Kāinga Ora’s plans for state housing in New Plymouth have come under scrutiny at an outreach event in the city.
The government housing provider is proposing to build more than 100 new homes in Ngāmotu and currently has a 44-unit apartment block under construction in the CBD.
To free up land, it wants to demolish 40 state houses across five suburbs and replace them with up to 125 brand-new homes in medium-density developments.
Young mother Crystal, who attended the event at the Puke Ariki library, was worried about being forced to leave her Frankleigh Park home.
“I just don’t think it’s fair that we’re getting moved out of our homes and apparently may not be able to move back.
“I have a three-bedroom home and they’re building two-bedroom homes on my section, but next door they’re building two three-bedroom homes and I feel we should be entitled to have one.”
Her children were settled in school and happy in the area, she said.
“Because we’ve lived here so long, our neighbours look after each other and I don’t want to be put into an area that we don’t know.”
Kāinga Ora event coordinators reassured Crystal there was a good chance she would be able to stay in the neighbourhood.
But they could not mollify Sandra Sharrock.
She had got wind that Kāinga Ora had bought several sections in a development behind her home and business in Spotswood.
“I know some of the sections have been bought privately, so now they’re going to put a whole lot of rentals amongst people who’ve just paid a lot of money for private sections. I’m just interested. I have concerns it’s going to turn into a slum.”
Sharrock could not get the answers she wanted from the Kāinga Ora staff at the event, but in a statement regional director Graeme Broderick confirmed the purchase.
“Most recently, we have purchased sites at 70-74 Eliot Street and 86 Lemon Street, along with 12 lots at 174 South Road where more warm, dry and modern homes will be built.
“Kāinga Ora purchased the Eliot and Lemon St site for $3.2 million. Due to commercial sensitivities, we cannot confirm the price of the South Road site just yet.”
Broderick said the Spotswood development would be of a high standard.
“The need for housing has increased steadily over the years in New Plymouth and we are pleased that, through this land purchase, we will be able to provide a home for so many families close to schools, services and amenities.
“Kāinga Ora homes are built to a good quality using designs that complement the environment and that are in keeping with the neighbourhood.”
EJ Barrett was on the Housing Register and had spent time homeless.
She was looking forward to the new housing in the city.
“I am so stoked to see how many properties have been acquired by Kāinga Ora recently and that provides me with a lot of hope.
“It’s still not enough. There’s more than 200 families in emergency housing in Taranaki alone and [many more] on the wait list still.
“But I’m glad that it’s happening… it’s a start.”
A wheelchair user, Barrett wanted to know how many of the new homes had been designed with accessibility in mind.
“My current understanding is that Kāinga Ora is not interested in making second and third level storeys accessible under universal design and I don’t believe I’m seeing a lot of lower-storey homes being built with universal design either.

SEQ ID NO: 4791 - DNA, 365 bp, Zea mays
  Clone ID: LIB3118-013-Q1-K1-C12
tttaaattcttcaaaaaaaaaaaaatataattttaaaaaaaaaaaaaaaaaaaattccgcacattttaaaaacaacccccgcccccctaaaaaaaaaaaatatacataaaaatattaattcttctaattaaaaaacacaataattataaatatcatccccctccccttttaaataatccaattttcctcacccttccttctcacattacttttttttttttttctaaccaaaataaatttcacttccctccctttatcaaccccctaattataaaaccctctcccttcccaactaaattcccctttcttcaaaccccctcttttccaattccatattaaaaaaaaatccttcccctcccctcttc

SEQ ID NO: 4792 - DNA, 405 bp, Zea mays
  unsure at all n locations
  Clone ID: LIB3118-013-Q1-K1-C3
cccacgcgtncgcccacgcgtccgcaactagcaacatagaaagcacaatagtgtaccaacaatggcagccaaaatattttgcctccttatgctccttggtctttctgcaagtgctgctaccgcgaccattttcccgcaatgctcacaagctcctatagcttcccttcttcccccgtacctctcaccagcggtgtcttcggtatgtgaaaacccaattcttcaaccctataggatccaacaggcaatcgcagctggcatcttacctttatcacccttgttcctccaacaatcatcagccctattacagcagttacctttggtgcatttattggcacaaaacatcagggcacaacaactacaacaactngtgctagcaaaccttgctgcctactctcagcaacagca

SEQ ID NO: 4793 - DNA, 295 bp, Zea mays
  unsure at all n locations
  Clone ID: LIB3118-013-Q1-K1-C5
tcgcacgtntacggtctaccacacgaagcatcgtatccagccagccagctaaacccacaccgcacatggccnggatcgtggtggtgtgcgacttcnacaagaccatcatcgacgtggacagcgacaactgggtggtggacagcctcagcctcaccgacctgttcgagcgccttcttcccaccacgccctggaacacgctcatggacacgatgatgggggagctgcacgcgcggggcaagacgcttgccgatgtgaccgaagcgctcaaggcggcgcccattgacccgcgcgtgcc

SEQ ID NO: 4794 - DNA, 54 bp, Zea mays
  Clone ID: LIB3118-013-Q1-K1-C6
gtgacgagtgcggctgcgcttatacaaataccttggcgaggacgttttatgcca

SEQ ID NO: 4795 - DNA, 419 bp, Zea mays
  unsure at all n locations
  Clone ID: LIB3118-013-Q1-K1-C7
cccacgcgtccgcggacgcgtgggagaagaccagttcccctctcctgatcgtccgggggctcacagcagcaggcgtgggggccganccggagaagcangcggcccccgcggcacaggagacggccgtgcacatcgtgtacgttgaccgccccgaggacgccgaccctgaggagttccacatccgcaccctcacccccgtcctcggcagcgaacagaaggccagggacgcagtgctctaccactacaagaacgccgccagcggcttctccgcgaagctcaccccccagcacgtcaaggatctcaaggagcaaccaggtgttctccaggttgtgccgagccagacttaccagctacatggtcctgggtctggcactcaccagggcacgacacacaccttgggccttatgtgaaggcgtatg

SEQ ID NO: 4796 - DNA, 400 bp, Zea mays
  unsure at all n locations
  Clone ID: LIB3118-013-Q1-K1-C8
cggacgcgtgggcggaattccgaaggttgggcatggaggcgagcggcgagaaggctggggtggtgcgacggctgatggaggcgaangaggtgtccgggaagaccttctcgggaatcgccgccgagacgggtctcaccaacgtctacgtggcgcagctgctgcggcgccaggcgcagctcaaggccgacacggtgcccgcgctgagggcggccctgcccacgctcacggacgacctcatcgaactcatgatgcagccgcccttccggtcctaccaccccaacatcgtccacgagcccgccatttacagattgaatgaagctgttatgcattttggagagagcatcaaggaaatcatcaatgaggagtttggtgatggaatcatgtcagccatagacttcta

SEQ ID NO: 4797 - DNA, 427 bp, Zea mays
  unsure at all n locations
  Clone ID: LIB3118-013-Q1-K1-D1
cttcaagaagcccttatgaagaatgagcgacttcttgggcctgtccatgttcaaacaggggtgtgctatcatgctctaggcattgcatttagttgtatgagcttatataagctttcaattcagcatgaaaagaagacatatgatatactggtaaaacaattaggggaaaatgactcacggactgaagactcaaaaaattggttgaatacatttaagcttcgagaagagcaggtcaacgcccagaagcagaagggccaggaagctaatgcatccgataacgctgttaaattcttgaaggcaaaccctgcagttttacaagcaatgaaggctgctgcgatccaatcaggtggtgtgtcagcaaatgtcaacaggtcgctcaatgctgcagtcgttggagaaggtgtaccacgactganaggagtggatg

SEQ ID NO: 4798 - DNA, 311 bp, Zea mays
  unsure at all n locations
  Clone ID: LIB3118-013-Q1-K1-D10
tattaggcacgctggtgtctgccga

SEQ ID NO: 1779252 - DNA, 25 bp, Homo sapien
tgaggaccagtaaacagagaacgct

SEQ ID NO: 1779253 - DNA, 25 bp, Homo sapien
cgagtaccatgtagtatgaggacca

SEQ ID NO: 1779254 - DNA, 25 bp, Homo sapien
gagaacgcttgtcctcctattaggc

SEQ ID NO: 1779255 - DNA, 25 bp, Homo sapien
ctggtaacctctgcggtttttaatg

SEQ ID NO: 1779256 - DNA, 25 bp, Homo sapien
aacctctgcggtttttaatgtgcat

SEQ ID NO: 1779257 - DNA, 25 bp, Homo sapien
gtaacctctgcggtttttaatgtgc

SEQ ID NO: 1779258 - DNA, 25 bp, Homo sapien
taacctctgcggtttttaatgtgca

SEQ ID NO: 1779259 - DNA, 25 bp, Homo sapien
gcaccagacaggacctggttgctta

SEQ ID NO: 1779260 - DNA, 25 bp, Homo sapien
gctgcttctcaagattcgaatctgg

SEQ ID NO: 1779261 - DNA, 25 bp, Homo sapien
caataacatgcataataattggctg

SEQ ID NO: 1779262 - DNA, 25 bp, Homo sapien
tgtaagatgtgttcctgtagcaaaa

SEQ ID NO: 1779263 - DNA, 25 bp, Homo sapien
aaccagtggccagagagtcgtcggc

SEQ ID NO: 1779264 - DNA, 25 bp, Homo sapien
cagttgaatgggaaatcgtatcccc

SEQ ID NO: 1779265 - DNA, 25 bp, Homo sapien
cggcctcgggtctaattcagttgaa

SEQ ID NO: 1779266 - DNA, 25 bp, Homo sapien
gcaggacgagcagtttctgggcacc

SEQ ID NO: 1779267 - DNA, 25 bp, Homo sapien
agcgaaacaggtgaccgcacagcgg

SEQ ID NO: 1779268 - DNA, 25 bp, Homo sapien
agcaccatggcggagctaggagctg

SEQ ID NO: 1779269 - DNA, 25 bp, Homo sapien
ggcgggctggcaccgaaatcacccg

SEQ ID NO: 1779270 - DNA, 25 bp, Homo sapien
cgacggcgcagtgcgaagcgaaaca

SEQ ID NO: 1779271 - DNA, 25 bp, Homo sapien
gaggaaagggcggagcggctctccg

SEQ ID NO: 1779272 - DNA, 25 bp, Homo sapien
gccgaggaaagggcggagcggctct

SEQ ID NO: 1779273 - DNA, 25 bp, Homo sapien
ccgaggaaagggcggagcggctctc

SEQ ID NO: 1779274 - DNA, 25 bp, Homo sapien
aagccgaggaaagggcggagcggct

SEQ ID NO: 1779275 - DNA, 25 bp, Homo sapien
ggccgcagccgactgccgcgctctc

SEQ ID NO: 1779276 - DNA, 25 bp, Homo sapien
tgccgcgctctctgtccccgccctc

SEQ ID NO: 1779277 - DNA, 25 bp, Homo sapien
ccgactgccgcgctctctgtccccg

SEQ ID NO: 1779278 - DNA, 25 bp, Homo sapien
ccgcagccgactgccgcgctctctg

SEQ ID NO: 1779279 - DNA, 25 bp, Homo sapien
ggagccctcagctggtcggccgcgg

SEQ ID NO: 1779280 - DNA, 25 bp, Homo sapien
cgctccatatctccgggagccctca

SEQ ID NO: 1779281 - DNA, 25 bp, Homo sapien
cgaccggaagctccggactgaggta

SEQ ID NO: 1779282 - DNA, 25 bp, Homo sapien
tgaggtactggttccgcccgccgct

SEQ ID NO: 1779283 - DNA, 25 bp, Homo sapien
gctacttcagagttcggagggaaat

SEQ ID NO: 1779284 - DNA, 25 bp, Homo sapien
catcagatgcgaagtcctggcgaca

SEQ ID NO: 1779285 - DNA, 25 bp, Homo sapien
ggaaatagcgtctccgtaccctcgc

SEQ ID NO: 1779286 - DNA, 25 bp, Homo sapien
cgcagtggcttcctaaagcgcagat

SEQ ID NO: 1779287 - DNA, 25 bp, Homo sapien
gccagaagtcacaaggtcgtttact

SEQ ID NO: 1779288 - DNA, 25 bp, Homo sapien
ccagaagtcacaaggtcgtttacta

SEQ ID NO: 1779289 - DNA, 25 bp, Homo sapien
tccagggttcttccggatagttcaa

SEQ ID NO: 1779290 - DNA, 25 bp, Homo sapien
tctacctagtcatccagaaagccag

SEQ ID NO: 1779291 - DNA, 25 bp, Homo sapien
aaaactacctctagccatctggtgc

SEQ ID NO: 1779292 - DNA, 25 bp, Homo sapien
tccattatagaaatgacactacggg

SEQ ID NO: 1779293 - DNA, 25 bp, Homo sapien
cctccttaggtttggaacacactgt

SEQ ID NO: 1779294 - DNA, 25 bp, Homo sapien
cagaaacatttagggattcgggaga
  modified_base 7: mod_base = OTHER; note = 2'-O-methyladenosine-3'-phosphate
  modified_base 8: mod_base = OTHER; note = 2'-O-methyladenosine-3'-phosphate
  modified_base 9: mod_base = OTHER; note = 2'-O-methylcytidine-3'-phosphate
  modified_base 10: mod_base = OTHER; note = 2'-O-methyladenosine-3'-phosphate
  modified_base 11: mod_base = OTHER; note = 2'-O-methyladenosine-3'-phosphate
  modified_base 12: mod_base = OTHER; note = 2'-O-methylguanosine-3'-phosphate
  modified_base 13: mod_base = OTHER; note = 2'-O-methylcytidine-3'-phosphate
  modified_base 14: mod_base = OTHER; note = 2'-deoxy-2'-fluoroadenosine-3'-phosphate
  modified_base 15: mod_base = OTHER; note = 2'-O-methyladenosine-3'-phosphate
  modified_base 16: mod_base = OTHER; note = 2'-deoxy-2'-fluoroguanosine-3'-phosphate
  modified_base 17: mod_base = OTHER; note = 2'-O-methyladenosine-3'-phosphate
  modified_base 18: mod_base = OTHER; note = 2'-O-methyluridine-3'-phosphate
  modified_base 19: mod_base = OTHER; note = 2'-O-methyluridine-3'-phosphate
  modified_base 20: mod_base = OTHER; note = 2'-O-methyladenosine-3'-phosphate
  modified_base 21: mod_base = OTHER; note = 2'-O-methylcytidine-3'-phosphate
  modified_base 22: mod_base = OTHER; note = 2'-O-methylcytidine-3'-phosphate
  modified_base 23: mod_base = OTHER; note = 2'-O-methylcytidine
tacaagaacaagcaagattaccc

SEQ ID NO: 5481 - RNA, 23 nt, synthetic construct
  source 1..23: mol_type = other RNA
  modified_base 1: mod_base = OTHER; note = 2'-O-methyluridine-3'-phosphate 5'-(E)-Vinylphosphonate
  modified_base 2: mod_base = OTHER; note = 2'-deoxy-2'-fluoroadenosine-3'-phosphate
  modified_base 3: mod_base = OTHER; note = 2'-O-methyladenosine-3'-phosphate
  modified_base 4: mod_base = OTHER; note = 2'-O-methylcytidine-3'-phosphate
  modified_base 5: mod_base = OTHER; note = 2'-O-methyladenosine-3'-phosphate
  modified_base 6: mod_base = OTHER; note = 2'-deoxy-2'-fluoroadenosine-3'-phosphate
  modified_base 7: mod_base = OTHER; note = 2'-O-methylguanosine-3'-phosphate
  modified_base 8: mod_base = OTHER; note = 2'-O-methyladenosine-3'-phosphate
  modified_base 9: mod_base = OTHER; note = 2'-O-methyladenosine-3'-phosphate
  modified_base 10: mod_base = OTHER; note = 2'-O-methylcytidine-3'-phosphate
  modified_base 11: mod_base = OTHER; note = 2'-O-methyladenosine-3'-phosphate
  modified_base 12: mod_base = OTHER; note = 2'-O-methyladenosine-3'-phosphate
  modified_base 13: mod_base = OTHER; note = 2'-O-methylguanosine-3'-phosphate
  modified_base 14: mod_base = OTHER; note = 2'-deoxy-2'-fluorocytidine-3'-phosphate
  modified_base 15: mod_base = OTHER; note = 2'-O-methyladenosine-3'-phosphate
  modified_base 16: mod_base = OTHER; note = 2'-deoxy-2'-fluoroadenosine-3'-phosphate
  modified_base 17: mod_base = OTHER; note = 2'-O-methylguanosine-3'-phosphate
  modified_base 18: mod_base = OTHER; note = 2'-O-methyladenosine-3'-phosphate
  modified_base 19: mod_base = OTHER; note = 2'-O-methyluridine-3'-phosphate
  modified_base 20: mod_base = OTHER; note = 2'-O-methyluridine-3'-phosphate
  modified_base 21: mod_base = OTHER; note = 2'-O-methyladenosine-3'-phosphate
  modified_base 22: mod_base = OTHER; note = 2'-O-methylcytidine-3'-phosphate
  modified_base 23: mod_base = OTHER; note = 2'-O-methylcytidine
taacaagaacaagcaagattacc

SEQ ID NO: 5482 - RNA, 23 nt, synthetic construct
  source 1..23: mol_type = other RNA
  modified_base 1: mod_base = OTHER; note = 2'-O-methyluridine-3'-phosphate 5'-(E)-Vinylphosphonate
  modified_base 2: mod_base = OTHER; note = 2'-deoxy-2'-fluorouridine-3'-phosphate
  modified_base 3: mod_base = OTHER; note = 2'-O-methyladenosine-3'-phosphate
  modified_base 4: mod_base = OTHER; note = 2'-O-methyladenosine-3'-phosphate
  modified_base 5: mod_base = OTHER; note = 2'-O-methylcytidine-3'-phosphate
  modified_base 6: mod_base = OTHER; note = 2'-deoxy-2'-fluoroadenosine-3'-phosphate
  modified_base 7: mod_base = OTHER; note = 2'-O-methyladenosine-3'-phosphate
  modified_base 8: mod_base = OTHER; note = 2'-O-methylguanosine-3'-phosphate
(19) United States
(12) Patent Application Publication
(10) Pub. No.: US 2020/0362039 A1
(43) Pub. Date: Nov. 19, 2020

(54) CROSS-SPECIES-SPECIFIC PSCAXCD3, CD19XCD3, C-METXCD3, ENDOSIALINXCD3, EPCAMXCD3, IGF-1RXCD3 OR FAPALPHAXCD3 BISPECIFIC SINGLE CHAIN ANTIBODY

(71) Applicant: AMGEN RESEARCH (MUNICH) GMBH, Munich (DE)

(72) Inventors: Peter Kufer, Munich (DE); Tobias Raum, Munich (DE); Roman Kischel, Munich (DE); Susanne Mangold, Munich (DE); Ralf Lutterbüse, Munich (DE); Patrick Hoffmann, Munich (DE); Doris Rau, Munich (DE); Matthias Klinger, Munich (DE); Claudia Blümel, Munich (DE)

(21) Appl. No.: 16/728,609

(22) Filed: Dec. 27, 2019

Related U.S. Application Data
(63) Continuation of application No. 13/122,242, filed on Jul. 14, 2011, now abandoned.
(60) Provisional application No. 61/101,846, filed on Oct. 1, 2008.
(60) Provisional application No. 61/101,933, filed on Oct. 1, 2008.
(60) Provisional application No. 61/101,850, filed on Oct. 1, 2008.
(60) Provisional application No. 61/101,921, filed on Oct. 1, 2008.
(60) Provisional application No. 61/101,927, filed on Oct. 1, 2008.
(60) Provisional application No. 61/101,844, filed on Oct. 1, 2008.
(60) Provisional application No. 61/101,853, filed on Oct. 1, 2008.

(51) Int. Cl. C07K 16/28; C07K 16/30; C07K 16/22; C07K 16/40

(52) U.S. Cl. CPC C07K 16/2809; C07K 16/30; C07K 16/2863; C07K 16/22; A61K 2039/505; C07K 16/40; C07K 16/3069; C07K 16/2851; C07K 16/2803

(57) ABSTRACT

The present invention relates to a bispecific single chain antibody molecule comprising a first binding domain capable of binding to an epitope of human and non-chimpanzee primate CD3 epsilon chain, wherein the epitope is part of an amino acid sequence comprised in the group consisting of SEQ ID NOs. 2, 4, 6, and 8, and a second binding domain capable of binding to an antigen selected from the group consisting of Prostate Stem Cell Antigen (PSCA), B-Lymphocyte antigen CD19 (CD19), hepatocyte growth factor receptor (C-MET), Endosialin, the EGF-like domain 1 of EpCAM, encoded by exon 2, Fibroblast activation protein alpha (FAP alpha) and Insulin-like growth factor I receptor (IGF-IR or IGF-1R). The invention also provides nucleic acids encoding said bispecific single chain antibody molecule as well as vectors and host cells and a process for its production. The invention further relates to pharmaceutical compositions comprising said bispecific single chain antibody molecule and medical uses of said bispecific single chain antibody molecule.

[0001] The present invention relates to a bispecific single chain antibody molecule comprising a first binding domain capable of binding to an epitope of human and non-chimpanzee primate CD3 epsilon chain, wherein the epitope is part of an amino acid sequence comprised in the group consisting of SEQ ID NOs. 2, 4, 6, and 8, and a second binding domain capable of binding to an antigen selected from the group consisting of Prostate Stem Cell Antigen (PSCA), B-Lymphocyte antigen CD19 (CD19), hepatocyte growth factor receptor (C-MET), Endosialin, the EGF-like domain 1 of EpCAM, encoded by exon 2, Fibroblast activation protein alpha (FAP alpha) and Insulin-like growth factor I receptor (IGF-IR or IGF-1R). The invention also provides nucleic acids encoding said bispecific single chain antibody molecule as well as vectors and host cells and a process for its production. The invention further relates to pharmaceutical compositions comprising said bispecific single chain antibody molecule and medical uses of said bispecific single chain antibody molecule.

“That’s what I’m hoping to find out those numbers.”
Broderick said there were “a number of accessible homes” included in Kāinga Ora’s city-wide plans, and it would work with its customers and partner agencies to modify homes to meet the needs of its customers.
Retiree Robyn was looking for a long-term housing solution.
“I’m three years shy of 70 and got a wee dog. I would really like to get into cheaper housing that I know will be for my duration, basically. So, I’ve just come along to see if I could learn any new information.”
She was optimistic Kāinga Ora could help.
“There’s going to be a few houses ready in the middle of next year, so we’ll just say our prayers to the goddess and see how we go.”
Lois was a property investor.
“We know the demand is real and it’s awesome that they are building the places, but they have to do it properly otherwise they’re just going to open up a lot of problems. It’s the right thing to do, but they have to do it properly.”
She worried about some of the decision making.
“For example, they are building balconies facing the one-way system [on the apartment development] and they will probably have washing hanging up there and god knows what else, and have they thought about that?”
Lois also had concerns about the lack of parking at the Eliot Street complex.
Broderick said the agency had been engaging with the community for several months, sharing its plans and answering questions and would continue to do so.
“Our aim is to not only provide warm, dry and healthy homes, but also to support communities and build neighbourhoods. We want to work alongside the New Plymouth community to help build thriving, sustainable and inclusive communities.”
He said Kāinga Ora was working closely with New Plymouth District Council, local iwi and other stakeholders.
“With nearly 400 people on the Housing Register, these homes are a good start with helping meet the urgent need for more homes in New Plymouth.”
Broderick said in addition to the new builds, 51 existing Kāinga Ora homes had been upgraded through its retrofit programme with four more due to be completed this month.
“This work adds another 50 years of life to the home, and makes them warmer, drier and healthier by installing full insulation, double glazing, improved airtightness, ventilation and new heating.”
By Robin Martin of rnz.co.nz